We all somehow innately flirt with the desire to play God, and games have tapped into that desire many times. One of the latest plays on the theme is Towner, a city building game by MetroGames, the Argentina-based developer which received $5 million in funding from Playdom. Currently at 2.1 MMAU and growing, Towner seems to be gaining on Broken Bulb’s My Town (2.7 MMAU), a chief competitor, but will it be able to attain the success that Playdom’s own titan Social City has seen with 12.6 MMAU? Read our review after the jump.
- Title: Towner
- Genre: City Building
- Game Developer: Metrogames
- Game Publisher: Playdom
- Released: 2010
Towner is a sim-city style town-building game where players design their own virtual city, expanding and growing it over time. Despite using appoint-based ‘farming’ mechanics to encourage frequent returns, the game does well to differentiate itself from a number of city building games. Inclusion of a variety of building types along with unique resource management gameplay creates good 5-10 minute play for anyone.
Tons of items to pick from; animations on roads; smooth presentation and ease of playability; resource management layer that adds depth to gameplay
Fixated angle; weak zoom features; solitary circumferential road that encloses the town (no ability to place own roads),
Players are initially presented with a simple tutorial to get them familiarized with game concepts. Existing buildings are placed on a green grid encompassed by a road, which seems to be the only ‘road’ that is available in the game. There are 2 views which the player has, map view and layers view, the latter a feature that will apparently help in city planning once the city grows to a substantial size.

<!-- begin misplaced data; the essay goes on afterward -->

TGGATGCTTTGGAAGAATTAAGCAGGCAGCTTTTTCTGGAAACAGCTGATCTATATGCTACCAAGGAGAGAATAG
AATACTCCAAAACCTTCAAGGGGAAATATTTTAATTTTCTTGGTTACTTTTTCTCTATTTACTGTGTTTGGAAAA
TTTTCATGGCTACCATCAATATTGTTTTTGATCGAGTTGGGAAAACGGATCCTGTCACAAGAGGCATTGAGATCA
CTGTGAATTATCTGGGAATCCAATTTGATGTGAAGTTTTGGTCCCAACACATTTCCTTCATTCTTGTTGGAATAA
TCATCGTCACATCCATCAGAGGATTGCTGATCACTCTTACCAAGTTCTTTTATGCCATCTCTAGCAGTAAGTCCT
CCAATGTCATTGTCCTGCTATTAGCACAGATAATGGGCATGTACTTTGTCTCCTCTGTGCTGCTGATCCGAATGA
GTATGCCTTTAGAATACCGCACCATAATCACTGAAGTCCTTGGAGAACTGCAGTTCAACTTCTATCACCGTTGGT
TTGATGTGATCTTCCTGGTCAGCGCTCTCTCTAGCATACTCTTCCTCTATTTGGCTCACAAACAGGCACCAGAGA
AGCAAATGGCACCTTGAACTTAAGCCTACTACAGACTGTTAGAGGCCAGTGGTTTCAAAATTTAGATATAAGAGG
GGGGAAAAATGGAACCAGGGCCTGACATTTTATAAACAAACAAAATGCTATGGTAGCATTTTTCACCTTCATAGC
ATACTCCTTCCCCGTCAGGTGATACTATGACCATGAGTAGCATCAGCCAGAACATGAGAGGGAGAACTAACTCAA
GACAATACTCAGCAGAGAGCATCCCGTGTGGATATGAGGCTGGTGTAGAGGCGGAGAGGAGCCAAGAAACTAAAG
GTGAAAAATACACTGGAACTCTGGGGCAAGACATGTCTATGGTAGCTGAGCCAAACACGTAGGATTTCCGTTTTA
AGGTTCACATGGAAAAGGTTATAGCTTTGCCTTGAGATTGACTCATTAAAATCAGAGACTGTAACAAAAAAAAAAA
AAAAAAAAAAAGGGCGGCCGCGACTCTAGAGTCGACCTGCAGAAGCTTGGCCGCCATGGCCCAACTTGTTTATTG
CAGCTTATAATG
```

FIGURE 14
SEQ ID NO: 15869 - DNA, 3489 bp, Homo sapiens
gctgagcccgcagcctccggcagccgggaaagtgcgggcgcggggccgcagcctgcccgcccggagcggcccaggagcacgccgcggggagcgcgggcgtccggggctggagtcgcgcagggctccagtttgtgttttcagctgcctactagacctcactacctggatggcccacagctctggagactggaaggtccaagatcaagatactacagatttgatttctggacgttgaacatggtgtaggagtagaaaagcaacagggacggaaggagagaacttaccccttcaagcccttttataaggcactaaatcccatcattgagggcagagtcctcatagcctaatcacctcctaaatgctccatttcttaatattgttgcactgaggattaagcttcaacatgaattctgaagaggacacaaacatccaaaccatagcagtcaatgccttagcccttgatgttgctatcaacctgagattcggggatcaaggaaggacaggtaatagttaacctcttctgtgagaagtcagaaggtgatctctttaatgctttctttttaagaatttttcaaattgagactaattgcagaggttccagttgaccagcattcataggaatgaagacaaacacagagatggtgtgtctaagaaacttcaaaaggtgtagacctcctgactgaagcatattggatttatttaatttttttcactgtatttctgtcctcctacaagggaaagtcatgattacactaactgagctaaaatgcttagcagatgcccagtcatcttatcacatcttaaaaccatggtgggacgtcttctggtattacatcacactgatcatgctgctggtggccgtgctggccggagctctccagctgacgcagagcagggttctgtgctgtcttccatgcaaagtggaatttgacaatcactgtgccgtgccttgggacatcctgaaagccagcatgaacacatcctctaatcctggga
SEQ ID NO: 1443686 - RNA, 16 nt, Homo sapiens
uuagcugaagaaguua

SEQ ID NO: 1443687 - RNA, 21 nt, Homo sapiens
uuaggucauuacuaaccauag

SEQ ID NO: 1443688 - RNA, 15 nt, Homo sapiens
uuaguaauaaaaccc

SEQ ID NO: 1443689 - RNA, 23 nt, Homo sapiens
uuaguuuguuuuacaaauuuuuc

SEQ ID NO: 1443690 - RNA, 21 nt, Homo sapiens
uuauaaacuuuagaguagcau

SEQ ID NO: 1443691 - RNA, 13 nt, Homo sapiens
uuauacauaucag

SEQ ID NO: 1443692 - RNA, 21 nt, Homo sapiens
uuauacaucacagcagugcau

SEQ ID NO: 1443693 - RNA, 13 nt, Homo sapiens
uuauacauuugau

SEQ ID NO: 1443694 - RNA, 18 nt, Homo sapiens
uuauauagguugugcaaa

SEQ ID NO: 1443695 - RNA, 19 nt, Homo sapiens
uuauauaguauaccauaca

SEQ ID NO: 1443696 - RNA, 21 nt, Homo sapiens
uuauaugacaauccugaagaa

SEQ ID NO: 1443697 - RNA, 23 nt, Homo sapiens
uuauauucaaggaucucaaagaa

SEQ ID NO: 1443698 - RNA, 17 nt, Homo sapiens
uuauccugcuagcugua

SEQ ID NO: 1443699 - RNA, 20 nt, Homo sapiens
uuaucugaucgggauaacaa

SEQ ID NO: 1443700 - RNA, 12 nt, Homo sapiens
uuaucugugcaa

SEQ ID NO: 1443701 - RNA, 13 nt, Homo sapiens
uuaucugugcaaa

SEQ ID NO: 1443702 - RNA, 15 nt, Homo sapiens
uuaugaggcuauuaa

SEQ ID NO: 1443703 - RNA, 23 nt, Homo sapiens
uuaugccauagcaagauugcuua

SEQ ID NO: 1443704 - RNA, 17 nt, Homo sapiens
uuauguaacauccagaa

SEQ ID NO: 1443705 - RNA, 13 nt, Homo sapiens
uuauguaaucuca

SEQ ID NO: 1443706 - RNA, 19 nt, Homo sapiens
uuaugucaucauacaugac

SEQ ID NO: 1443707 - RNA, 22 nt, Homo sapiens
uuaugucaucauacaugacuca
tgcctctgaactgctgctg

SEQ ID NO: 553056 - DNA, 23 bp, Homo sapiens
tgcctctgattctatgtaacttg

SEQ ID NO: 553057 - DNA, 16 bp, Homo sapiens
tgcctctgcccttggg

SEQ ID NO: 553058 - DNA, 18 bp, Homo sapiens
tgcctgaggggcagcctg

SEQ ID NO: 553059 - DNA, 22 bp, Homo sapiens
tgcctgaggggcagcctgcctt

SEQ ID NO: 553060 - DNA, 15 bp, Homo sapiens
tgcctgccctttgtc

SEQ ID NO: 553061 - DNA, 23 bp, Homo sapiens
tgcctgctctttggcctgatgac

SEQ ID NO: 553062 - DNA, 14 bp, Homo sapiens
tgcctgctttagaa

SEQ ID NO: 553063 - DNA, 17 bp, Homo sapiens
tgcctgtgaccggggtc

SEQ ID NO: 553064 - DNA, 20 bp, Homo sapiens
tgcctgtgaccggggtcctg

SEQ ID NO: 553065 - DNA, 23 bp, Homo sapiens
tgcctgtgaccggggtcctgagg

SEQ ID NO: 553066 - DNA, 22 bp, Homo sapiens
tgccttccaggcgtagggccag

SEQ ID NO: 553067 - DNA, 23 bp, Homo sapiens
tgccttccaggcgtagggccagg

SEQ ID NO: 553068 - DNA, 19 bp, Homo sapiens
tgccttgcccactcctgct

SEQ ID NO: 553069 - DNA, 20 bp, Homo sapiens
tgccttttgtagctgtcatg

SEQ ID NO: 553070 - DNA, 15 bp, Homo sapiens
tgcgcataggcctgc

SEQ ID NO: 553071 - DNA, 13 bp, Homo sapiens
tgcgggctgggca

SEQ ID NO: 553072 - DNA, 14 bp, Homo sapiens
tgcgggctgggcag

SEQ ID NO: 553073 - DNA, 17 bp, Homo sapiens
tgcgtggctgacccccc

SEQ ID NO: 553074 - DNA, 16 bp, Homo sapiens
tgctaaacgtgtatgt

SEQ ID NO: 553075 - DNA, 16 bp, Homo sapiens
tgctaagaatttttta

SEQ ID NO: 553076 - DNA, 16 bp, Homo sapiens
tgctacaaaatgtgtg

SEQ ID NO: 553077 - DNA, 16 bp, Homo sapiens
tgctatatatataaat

Players are asked to ‘inaugurate’ a building, which is analogous to a ‘grand opening’, in order to activate the constructed building post-development. Players must also frequently return to ‘repair’ the buildings, a farming like mechanic which players in many other games have rebelled against. Mafia Wars was one of the first notable games to have properties incurring damage over time and they eventually removed it due to unpopularity.
Enhancing Towner is another layer of gameplay that involves the upkeep of the denizens’ happiness levels. There are 6 major categories: Jobs, Fire Stations, Entertainment, Security, Health and Education. Each can be viewed on a single screen, and success is determined by percentage levels (100% being the max). All the player needs to do is build category-specific buildings to keep these at max levels.
The gameplay has a standard UI of other flash games in this genre although the view is a bit odd, to say the least. Asides from an abundant amounts of decorative and functional buildings, there are animated car movements spanning the road that envelopes the cityscape that add to the realism. Nothing brings out a city feel like smog in the air!
The sociability is comprised of de-facto standards, with competition being driven by level, resources, and aesthetic appeal. Players can visit friends and send gifts. It’ll be exciting to see how Metrogames adds extra elements of sociability, tying them in with classic game mechanics while keeping a focus on monetization.
The game’s success seems to be evident of its growing player base, although the investment by Playdom might have something to do with this as well as performance marketing through Facebook Ads. It’s too early to say how the game will fare in the long run, especially because some of the elements are rather unorthodox. There’s a lot of room for innovation and Towner should aim to adapt and quickly test innovative implementations. An example could be adding weather and increasing the damage during bad weather but also allowing players to have certain buildings which can predict bad weather coming in their own towns as well as their friends and be able to fore warn them so they can purchase ‘weather proof’ upgrades which last for certain times and are economically beneficial. We expect good things from Metrogames as they continue their stride in a tough competitive environment.